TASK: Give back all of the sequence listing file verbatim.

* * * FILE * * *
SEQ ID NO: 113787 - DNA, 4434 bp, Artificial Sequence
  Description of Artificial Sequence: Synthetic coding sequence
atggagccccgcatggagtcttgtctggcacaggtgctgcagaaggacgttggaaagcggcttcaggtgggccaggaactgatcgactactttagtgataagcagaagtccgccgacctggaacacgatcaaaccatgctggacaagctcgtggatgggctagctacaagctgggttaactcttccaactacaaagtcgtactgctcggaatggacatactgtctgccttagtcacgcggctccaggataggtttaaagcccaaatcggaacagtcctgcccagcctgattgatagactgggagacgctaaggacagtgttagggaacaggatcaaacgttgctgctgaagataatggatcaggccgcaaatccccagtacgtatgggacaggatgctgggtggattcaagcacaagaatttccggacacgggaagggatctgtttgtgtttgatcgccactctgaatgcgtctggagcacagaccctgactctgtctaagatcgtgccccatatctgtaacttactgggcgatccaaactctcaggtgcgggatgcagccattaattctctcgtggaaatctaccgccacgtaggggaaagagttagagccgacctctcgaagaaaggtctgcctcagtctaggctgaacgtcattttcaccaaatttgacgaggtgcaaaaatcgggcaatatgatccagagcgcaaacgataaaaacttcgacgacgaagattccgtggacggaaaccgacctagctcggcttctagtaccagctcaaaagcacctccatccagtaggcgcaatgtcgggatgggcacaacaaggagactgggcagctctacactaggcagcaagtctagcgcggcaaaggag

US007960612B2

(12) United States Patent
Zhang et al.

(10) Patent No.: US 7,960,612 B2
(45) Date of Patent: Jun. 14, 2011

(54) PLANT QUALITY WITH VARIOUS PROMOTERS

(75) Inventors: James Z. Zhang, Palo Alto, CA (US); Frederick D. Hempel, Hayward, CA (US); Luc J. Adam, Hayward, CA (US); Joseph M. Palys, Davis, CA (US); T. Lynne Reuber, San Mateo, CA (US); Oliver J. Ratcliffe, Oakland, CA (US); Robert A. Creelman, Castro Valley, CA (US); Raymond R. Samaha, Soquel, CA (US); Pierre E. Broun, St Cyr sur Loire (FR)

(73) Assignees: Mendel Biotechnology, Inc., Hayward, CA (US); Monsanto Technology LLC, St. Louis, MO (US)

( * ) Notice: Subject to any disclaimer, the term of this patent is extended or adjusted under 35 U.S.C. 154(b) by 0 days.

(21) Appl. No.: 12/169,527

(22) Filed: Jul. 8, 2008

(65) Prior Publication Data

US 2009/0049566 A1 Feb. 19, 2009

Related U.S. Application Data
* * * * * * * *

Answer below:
SEQ ID NO: 113787 - DNA, 4434 bp, Artificial Sequence
  Description of Artificial Sequence: Synthetic coding sequence
atggagccccgcatggagtcttgtctggcacaggtgctgcagaaggacgttggaaagcggcttcaggtgggccaggaactgatcgactactttagtgataagcagaagtccgccgacctggaacacgatcaaaccatgctggacaagctcgtggatgggctagctacaagctgggttaactcttccaactacaaagtcgtactgctcggaatggacatactgtctgccttagtcacgcggctccaggataggtttaaagcccaaatcggaacagtcctgcccagcctgattgatagactgggagacgctaaggacagtgttagggaacaggatcaaacgttgctgctgaagataatggatcaggccgcaaatccccagtacgtatgggacaggatgctgggtggattcaagcacaagaatttccggacacgggaagggatctgtttgtgtttgatcgccactctgaatgcgtctggagcacagaccctgactctgtctaagatcgtgccccatatctgtaacttactgggcgatccaaactctcaggtgcgggatgcagccattaattctctcgtggaaatctaccgccacgtaggggaaagagttagagccgacctctcgaagaaaggtctgcctcagtctaggctgaacgtcattttcaccaaatttgacgaggtgcaaaaatcgggcaatatgatccagagcgcaaacgataaaaacttcgacgacgaagattccgtggacggaaaccgacctagctcggcttctagtaccagctcaaaagcacctccatccagtaggcgcaatgtcgggatgggcacaacaaggagactgggcagctctacactaggcagcaagtctagcgcggcaaaggag

US007960612B2

(12) United States Patent
Zhang et al.

(10) Patent No.: US 7,960,612 B2
(45) Date of Patent: Jun. 14, 2011

(54) PLANT QUALITY WITH VARIOUS PROMOTERS

(75) Inventors: James Z. Zhang, Palo Alto, CA (US); Frederick D. Hempel, Hayward, CA (US); Luc J. Adam, Hayward, CA (US); Joseph M. Palys, Davis, CA (US); T. Lynne Reuber, San Mateo, CA (US); Oliver J. Ratcliffe, Oakland, CA (US); Robert A. Creelman, Castro Valley, CA (US); Raymond R. Samaha, Soquel, CA (US); Pierre E. Broun, St Cyr sur Loire (FR)

(73) Assignees: Mendel Biotechnology, Inc., Hayward, CA (US); Monsanto Technology LLC, St. Louis, MO (US)

( * ) Notice: Subject to any disclaimer, the term of this patent is extended or adjusted under 35 U.S.C. 154(b) by 0 days.

(21) Appl. No.: 12/169,527

(22) Filed: Jul. 8, 2008

(65) Prior Publication Data

US 2009/0049566 A1 Feb. 19, 2009

Related U.S. Application Data